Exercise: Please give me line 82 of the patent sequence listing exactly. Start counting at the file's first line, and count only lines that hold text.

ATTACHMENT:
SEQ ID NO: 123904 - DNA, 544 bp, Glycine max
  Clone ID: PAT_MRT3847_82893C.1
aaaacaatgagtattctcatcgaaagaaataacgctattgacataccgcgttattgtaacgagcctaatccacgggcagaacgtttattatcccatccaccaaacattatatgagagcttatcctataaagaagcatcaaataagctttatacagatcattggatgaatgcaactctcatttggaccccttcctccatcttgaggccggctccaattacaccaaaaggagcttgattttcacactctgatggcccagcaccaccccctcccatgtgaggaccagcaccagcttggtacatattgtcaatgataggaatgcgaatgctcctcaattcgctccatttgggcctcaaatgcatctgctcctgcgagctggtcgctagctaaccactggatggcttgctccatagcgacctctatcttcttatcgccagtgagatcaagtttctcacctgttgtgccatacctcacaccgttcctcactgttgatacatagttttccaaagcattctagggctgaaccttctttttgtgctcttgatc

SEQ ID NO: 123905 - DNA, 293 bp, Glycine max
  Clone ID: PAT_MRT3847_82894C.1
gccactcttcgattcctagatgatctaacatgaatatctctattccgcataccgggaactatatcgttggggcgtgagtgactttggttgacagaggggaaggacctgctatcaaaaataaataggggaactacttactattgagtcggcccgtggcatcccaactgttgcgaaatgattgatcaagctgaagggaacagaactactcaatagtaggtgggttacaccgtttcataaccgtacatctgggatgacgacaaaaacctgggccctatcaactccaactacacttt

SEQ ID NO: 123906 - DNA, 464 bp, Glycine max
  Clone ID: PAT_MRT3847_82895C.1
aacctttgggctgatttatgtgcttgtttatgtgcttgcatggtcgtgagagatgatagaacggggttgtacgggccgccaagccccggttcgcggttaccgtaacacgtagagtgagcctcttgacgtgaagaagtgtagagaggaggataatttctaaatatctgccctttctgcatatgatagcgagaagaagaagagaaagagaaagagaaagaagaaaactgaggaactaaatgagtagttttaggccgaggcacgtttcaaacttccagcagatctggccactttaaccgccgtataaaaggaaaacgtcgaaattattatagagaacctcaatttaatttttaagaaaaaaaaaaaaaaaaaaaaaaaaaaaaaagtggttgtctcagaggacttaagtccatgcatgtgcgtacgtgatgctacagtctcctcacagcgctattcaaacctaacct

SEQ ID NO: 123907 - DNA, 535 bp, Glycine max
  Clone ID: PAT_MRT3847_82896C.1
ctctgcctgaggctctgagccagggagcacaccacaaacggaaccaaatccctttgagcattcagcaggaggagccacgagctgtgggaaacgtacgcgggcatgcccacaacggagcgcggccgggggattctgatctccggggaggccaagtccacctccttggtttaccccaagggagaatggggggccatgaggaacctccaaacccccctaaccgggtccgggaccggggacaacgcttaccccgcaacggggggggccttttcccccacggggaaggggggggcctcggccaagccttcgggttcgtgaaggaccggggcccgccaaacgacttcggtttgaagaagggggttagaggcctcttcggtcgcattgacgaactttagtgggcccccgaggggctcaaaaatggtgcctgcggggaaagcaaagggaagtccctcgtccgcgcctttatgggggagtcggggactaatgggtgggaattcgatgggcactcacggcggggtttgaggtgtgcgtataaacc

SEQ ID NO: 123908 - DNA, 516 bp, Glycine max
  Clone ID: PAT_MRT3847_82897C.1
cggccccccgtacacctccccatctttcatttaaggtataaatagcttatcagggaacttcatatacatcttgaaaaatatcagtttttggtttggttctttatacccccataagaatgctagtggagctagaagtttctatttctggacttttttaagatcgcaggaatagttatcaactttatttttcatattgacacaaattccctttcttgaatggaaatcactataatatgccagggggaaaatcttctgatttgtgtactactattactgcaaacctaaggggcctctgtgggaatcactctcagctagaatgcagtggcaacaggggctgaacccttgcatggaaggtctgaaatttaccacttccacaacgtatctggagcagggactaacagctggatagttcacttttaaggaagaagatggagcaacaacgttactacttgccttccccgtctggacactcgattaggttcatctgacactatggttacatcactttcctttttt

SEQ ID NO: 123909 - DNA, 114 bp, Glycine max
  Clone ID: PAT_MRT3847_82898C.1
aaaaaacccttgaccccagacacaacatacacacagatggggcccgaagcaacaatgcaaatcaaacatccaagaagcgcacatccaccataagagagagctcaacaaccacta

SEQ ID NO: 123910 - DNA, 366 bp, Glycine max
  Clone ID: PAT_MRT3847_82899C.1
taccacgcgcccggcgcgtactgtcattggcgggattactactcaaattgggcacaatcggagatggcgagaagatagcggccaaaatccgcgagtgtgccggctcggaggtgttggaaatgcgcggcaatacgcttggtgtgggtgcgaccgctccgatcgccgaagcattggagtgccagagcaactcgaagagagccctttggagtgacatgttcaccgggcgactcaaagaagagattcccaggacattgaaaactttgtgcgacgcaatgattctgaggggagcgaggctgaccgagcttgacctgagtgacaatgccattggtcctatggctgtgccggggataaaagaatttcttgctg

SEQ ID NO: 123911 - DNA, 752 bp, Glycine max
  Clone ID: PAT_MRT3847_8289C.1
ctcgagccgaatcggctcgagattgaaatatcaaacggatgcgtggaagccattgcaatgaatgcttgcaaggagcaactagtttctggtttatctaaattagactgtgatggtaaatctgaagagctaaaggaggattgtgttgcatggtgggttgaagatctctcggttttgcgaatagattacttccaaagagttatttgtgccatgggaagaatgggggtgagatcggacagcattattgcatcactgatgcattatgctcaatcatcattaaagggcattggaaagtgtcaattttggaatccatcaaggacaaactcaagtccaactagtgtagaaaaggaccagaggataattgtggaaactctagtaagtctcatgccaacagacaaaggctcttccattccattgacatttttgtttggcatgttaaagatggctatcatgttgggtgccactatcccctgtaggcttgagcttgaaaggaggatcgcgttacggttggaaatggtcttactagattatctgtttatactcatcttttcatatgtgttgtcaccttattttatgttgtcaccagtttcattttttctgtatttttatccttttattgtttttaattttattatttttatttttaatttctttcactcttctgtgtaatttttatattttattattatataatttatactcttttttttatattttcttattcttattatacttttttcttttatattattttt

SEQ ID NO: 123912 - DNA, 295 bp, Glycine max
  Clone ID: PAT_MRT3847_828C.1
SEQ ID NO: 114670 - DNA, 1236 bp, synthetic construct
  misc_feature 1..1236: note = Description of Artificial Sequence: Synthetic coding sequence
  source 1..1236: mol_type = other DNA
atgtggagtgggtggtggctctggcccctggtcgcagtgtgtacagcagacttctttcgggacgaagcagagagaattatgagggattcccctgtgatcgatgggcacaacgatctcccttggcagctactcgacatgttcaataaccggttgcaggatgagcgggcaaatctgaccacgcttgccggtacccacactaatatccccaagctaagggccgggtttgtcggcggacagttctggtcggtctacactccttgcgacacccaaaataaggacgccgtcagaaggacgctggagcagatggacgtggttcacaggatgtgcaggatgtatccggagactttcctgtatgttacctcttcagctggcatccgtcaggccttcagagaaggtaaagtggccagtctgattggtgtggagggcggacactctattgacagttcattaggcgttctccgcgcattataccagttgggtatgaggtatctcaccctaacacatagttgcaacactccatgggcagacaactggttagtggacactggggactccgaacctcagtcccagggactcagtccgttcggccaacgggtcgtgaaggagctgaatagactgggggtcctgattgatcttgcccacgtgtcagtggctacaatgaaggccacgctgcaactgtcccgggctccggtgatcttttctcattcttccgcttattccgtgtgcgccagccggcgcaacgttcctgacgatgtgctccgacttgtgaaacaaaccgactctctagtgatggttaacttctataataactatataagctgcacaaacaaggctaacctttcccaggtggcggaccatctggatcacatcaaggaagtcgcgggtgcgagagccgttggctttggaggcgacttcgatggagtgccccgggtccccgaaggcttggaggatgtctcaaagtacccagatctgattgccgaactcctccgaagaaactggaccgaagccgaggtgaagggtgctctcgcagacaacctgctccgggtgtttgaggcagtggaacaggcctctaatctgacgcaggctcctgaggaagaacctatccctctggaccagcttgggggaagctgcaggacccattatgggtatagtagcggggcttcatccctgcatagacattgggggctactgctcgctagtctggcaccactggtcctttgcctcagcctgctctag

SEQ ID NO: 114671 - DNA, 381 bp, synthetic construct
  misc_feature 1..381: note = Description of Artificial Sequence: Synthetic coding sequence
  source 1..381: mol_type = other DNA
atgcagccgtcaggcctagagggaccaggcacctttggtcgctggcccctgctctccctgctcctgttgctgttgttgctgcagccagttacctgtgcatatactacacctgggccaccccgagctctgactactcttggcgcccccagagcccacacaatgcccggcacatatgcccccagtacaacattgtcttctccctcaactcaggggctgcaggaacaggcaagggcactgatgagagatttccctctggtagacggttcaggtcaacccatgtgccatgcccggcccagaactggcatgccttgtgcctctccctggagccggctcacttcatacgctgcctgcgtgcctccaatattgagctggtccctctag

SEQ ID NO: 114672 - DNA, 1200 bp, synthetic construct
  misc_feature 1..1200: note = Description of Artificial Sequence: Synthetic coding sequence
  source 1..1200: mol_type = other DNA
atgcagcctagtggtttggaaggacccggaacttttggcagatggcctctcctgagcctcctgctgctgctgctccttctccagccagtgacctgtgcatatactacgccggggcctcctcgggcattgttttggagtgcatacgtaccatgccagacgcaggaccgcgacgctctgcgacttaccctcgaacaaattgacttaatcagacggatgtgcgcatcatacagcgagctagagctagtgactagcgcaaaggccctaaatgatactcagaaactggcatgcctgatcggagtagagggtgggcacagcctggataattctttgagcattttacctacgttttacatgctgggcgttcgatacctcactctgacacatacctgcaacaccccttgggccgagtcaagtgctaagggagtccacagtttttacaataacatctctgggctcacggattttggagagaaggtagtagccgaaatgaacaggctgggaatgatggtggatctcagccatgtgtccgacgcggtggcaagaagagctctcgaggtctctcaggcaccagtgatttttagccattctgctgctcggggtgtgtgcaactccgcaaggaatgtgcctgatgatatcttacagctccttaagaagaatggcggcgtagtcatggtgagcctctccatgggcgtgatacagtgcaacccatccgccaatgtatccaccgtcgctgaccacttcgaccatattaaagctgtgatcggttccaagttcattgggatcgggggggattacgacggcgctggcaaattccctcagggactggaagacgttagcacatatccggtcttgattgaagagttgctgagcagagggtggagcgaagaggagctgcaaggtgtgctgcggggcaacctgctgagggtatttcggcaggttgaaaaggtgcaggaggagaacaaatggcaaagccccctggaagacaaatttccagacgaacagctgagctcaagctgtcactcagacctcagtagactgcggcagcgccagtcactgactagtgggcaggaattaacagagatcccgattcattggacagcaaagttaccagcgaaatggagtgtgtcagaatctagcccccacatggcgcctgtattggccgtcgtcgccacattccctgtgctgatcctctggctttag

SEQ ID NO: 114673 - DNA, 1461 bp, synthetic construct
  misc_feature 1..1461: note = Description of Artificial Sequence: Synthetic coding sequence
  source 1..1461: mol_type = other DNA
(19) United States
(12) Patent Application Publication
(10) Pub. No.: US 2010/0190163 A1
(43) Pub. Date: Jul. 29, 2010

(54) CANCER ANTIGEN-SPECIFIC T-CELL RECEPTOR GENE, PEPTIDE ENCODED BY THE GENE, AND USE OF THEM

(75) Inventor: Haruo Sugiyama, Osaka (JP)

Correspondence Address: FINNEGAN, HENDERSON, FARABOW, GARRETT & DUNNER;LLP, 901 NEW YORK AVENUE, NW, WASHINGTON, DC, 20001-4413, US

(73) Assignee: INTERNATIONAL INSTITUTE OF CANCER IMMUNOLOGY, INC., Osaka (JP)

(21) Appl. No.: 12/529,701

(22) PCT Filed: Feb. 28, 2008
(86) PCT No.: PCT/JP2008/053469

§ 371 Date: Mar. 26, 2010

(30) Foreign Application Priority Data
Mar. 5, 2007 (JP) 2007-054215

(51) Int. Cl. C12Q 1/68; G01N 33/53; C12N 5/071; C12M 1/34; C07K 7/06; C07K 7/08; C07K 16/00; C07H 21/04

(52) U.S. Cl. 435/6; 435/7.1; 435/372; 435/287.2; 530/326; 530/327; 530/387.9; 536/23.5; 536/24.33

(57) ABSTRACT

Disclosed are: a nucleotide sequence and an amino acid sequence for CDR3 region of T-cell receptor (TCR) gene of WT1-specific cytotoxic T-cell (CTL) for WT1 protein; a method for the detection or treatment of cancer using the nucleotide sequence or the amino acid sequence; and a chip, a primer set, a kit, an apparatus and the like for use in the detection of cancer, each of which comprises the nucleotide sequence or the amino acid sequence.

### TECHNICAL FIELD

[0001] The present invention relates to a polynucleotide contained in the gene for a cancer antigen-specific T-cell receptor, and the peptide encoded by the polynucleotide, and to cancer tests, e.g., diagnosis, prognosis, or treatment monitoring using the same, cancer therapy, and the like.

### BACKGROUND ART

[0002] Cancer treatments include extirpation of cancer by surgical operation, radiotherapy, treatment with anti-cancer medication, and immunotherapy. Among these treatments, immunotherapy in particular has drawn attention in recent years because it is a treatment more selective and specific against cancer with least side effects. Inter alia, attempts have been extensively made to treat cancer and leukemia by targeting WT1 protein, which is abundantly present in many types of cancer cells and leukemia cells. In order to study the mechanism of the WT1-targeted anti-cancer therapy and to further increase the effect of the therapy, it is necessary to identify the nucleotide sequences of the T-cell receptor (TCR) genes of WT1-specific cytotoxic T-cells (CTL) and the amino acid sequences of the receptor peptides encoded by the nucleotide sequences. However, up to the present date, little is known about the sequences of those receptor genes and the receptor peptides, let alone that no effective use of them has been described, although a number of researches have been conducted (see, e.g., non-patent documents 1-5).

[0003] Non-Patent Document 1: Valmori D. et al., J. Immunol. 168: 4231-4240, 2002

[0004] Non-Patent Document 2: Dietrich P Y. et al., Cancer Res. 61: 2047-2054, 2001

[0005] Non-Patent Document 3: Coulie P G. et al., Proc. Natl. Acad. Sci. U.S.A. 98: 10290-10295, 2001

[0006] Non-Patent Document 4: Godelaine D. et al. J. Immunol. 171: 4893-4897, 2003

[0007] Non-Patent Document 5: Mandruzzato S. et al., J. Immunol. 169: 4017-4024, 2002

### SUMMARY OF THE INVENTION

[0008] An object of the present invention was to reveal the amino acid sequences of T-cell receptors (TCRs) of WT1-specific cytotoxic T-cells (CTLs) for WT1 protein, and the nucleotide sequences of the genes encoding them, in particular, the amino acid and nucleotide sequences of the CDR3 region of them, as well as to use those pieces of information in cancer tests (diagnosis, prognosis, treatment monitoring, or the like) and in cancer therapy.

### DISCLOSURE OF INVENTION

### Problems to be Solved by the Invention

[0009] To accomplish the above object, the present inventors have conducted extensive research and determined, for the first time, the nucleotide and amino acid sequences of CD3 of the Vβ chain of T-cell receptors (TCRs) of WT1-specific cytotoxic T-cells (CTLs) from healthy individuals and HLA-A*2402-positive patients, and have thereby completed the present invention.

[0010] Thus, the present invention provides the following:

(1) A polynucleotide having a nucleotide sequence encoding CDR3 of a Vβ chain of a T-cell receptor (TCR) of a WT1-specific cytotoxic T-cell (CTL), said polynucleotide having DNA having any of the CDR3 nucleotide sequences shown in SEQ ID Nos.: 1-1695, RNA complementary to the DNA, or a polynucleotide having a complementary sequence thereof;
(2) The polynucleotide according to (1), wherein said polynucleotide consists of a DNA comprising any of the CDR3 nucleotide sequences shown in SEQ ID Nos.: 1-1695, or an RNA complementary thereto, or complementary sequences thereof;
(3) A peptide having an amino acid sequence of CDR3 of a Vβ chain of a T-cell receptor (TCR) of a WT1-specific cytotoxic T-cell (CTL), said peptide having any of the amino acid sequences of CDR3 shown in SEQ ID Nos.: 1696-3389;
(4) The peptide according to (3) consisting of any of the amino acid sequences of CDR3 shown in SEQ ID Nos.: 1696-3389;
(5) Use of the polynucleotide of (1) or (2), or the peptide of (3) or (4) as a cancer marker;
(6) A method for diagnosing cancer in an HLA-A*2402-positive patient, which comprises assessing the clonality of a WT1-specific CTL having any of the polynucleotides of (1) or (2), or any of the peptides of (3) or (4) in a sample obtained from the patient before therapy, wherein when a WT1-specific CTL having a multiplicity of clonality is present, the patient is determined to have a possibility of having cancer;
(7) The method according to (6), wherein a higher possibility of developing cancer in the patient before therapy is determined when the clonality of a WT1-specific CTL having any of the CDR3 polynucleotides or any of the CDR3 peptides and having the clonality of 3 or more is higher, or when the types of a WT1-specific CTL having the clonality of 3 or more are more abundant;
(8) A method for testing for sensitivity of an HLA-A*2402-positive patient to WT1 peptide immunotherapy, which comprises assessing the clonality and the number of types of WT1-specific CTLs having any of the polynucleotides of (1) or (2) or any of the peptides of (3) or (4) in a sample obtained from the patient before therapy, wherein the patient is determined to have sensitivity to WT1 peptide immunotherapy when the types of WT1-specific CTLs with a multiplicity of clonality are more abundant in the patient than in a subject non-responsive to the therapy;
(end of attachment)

(8) A method for testing for sensitivity of an HLA-A*2402-positive patient to WT1 peptide immunotherapy, which comprises assessing the clonality and the number of types of WT1-specific CTLs having any of the polynucleotides of (1) or (2) or any of the peptides of (3) or (4) in a sample obtained from the patient before therapy, wherein the patient is determined to have sensitivity to WT1 peptide immunotherapy when the types of WT1-specific CTLs with a multiplicity of clonality are more abundant in the patient than in a subject non-responsive to the therapy;